Sunday, May 16, 2010
And This Is All I'll Have To Say About That (Yeah, right...)
The Kagan Thing has got the whole Lefty Blogosphere into a frenzy, some of it -- well, a good deal of it -- stirred up by "Glennzilla". Elena Kagan has been ritualistically smeared on the premise that she is such an unknown quantity that she will move the Supreme Court to the Right, which will be disastrous for the Nation (and the Blessed Constitution) for thirty or forty years to come (she's only 50 after all, and SCOTUS justices live forever, don't they?) and we can't have that.
So the so-called Left on the Intertubes has been denouncing and struggling against her and all her slim volume of works, vying with one another to come up with the most outrageous accusation against her short but sturdy self.
(Side note, and digression: I made an offhand comment at one point in the Kagan Struggles about short, aggressive women I have known and how they have demonstrated their brass gonads.
There have been several, but I was thinking of one in particular when I wrote that. Her name was Linda, and she and I worked together (many) years ago in New York and Florida. She was just under five feet tall, sturdy, with a round open face much like Kagan's, and when I first heard Kagan talk, she sounded just like Linda. Linda was known for her forcefulness, and for her refusal to take shit from anyone, most especially not from anyone who professed to claim authority when they were in the wrong. She was known for vicious putdowns, delivered not only with a smile, but sometimes with a sly veil of politeness that their victim wouldn't recognize as a put down at all for days -- though everyone else knew. Linda made friends very easily, knew her own business very well, she was kind and generous to a fault, and she was loyal without compromising her own principles. She was very ambitious, and for the most part very successful. I lost touch with her when I decided I'd had enough of the gypsy life I'd been living, much of it east of the Mississippi, and returned to California. [Digression on the digression: I Googled Linda up a little while ago to see what she's up to, and well. How very interesting. Last I knew, she'd just taken a job at Boston University, was preparing to move from her Brooklyn flat, very excited and all. Some 20+ years ago. Now she's apparently at the University of Chicago (!), in a completely different though arguably tangential field, got her doctorate, and she is pimping her research into the arcana of a very narrow aspect of computer animation. She has hundreds of papers and research projects she's completed, alone and with others, and I'm just stunned. My doG, what has she become? Good going, Linda!] But I never forgot her, and if Kagan is anything like her, I have no doubt she'll have a considerable and potentially very positive impact on the Court, if only by not yielding to the bullshit put out by those like Scalia and Thomas... [/digression])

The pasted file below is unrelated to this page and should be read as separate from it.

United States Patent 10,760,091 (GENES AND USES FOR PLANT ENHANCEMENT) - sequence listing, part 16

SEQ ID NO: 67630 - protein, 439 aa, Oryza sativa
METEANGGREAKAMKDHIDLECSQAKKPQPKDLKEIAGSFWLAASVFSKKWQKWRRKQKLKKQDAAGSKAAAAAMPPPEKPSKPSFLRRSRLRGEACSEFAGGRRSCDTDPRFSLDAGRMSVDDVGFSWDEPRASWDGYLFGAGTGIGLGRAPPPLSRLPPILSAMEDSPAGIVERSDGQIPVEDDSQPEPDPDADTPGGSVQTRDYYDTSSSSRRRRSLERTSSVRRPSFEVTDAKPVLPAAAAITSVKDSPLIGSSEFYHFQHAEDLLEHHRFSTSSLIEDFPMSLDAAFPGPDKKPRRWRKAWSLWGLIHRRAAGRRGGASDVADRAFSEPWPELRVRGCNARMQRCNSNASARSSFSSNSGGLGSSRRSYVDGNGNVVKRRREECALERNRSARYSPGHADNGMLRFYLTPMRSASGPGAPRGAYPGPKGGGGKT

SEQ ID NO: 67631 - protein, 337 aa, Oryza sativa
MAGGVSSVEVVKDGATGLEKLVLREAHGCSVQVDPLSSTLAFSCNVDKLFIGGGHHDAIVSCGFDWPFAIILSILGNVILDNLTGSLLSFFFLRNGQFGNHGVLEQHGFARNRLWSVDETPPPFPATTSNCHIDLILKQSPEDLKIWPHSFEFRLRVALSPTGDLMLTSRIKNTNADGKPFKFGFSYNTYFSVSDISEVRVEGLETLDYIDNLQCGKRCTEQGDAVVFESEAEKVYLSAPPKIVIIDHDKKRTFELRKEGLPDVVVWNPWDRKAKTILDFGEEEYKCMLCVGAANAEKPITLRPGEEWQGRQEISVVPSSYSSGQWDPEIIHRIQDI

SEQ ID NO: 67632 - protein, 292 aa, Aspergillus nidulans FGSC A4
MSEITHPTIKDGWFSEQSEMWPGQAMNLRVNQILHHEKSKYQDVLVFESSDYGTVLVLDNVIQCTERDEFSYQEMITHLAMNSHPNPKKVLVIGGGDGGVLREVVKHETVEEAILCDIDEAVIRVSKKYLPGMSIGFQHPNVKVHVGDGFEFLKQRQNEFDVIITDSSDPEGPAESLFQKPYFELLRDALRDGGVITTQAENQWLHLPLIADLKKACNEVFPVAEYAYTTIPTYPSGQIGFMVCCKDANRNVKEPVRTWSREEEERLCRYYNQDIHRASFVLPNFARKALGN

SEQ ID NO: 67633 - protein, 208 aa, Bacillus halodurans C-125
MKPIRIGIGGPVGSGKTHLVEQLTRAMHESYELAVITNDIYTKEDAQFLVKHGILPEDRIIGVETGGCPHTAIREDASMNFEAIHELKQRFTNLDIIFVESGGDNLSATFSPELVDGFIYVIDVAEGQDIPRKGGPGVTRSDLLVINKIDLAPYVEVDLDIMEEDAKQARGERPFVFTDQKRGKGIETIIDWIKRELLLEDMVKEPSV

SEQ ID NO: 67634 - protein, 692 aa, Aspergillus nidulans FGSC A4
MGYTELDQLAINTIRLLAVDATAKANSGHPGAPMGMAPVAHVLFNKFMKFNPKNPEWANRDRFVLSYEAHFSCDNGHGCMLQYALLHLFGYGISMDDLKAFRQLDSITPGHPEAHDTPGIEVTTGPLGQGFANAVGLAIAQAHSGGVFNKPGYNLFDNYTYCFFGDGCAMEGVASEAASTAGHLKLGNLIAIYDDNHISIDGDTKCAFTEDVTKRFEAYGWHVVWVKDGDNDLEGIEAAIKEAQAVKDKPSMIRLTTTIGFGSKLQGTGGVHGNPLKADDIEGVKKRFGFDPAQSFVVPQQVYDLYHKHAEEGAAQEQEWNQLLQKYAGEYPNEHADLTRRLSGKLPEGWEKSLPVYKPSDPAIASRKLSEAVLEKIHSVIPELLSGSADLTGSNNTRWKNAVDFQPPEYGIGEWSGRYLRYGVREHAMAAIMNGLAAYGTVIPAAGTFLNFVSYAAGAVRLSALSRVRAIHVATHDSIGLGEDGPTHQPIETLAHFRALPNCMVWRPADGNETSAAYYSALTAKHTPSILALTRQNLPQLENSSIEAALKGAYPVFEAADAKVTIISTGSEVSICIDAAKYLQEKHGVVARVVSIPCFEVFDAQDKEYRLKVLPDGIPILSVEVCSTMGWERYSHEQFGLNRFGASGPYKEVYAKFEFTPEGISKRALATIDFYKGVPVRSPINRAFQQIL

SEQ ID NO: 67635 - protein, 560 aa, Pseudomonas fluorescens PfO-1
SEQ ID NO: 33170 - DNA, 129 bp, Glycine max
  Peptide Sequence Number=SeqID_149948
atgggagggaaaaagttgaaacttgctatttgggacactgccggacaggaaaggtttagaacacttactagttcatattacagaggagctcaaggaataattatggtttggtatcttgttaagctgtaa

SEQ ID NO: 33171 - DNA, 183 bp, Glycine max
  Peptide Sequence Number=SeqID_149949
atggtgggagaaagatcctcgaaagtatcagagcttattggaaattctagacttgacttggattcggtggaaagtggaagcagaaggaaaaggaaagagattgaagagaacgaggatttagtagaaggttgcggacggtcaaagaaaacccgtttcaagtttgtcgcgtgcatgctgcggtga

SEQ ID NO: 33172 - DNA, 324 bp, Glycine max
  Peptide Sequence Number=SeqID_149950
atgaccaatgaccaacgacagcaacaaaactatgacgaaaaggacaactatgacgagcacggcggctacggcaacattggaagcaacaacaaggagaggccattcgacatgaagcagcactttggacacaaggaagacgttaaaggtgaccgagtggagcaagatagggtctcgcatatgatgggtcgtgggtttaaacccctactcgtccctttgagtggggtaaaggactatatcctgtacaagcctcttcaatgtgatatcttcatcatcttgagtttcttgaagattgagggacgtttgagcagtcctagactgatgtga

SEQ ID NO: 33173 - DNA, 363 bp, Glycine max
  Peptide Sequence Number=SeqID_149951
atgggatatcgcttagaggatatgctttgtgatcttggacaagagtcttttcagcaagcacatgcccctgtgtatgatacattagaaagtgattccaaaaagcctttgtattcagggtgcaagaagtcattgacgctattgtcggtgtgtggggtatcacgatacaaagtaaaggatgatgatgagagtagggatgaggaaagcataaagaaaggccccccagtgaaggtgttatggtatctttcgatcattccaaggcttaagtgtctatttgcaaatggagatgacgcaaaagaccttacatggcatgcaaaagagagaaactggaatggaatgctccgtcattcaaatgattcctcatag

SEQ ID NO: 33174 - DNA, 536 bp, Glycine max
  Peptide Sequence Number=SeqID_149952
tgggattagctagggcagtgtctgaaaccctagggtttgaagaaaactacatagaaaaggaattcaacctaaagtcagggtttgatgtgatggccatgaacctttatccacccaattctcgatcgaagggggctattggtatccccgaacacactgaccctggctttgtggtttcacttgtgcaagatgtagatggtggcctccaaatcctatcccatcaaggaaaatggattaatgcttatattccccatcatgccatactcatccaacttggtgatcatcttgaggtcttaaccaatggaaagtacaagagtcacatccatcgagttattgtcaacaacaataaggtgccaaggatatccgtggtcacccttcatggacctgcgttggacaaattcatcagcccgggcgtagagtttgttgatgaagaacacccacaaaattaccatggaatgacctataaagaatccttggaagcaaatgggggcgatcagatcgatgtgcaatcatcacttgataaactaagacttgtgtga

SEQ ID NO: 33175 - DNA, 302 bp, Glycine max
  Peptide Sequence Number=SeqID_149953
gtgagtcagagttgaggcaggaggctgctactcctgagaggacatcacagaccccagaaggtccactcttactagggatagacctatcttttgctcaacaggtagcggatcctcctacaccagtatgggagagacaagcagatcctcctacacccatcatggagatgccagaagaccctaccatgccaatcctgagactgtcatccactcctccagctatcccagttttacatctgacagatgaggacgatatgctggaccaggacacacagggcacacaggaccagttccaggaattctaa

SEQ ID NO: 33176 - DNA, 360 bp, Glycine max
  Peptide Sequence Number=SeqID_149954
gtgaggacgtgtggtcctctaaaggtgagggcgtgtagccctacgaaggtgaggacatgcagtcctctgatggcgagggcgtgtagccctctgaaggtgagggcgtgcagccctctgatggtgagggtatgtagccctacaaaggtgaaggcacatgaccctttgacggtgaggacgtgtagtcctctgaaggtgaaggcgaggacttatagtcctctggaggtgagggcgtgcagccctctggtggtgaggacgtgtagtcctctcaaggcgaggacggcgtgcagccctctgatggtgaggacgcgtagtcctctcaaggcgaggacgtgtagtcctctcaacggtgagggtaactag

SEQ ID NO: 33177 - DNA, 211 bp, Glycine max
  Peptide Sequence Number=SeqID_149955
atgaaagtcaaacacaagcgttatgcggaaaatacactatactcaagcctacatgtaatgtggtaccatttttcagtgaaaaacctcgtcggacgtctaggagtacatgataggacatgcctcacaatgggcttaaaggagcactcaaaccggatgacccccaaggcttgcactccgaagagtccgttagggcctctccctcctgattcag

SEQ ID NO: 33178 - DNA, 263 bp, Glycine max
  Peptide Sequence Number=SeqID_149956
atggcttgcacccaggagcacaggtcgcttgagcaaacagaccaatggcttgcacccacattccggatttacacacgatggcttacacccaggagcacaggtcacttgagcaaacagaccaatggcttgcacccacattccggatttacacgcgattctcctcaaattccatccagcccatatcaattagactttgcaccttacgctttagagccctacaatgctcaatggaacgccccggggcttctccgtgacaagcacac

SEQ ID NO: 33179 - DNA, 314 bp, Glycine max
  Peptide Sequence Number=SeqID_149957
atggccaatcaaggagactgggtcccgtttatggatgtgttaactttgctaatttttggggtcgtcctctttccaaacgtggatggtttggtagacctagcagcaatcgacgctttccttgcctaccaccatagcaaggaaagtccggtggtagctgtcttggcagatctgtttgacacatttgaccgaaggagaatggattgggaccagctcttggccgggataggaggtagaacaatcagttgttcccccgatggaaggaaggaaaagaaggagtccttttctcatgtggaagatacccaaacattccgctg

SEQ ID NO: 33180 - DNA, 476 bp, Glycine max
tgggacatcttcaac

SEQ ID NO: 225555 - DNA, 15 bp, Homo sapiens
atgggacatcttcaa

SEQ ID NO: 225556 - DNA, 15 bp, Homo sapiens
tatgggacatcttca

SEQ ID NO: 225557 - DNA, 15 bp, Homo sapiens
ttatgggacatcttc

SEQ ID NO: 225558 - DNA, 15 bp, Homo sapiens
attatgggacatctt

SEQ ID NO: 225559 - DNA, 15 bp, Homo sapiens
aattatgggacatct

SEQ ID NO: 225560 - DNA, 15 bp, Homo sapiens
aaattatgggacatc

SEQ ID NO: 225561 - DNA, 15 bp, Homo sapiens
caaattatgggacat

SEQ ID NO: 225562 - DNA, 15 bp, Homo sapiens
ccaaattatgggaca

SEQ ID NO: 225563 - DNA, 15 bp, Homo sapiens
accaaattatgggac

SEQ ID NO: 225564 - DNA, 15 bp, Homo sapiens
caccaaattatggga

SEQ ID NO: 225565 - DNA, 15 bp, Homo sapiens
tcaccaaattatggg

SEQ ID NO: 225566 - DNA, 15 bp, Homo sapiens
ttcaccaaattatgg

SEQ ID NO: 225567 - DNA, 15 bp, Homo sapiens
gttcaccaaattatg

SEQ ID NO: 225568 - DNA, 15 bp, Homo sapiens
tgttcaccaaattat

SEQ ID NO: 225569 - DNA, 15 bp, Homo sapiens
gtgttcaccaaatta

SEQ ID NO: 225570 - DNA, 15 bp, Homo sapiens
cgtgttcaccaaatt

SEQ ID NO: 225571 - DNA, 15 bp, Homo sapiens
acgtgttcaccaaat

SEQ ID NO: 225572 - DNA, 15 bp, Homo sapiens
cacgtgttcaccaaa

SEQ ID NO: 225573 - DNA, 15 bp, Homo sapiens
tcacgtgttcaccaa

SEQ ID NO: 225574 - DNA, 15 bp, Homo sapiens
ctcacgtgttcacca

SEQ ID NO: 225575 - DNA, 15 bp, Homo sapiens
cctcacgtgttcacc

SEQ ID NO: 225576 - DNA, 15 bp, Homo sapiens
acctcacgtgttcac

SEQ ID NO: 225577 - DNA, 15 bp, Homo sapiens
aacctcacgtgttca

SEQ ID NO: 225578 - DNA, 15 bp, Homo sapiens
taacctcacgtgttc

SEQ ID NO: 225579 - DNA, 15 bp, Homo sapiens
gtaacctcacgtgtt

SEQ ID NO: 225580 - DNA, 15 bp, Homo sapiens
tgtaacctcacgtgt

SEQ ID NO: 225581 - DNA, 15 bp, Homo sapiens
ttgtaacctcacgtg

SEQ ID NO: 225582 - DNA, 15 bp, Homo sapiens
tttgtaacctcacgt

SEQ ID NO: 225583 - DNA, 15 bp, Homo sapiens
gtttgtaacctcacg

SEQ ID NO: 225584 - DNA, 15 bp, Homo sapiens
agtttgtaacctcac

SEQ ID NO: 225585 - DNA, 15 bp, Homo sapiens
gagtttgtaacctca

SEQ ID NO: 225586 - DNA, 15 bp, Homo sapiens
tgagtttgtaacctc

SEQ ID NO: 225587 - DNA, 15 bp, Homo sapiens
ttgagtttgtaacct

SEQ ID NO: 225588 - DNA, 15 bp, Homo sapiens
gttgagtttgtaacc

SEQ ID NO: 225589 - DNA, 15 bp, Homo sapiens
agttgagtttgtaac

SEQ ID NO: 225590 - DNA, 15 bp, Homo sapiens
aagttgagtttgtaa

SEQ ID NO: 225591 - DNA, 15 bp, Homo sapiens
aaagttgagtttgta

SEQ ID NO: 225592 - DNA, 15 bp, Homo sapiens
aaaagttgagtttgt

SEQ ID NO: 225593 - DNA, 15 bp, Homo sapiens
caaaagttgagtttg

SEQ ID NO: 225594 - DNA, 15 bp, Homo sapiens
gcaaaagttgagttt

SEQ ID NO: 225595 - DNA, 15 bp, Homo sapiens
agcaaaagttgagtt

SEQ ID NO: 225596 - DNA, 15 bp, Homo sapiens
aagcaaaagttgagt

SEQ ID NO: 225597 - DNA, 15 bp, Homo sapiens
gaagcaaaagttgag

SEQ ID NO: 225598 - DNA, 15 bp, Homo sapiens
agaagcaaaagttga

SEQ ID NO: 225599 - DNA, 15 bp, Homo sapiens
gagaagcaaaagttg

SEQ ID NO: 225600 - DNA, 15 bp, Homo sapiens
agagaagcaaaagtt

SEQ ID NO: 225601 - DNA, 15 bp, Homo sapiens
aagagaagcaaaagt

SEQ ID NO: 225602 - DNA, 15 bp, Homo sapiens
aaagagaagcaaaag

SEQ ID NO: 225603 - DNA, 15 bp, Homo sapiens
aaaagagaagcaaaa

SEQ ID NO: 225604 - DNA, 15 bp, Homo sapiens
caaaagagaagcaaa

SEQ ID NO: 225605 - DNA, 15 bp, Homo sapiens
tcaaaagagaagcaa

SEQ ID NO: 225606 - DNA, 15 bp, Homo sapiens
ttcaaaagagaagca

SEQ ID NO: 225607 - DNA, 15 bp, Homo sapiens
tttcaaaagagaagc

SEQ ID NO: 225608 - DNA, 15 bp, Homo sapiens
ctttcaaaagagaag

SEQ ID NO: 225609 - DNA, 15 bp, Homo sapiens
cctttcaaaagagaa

What I saw happening reminded me of other episodes on the Internets, for example, when Barbara Boxer expressed her support for Lieberman in the Connecticut Senate primary all those years ago, FDL exploded with denunciations, the most original of them being that Boxer "is a cloth-coat Republican!" for supporting Lieberman. Oh. Kay. Indeed, the attacks on Boxer were so over the top, and such an anti-Boxer mob was formed over there, that I spoke out against it, in my most Atticus Finch mode, and got my tit run through the wringer more than a couple of times for my trouble. My point was that Boxer was one of the very few actual Progressives in the Senate, and smearing her -- because of her expressed support for her colleague Senator Lieberman -- while ignoring her contributions, indeed often denouncing her Progressive contributions, was simply stupid and was not going to advance The Supposed Progressive Cause that FDL was ostensibly promoting. Many people at FDL took offense and some still harbor grudges about it. I was accused of trying to "deny them the right" to denounce whoever they wanted for whatever reason they thought appropriate. Um. Sure.
It's not about the "right" to do this or that -- or to get as crazy as you want to. It's about critical thinking. And understanding the difference between allies and enemies. It's about listening. It's about rational consideration. And it's about respect.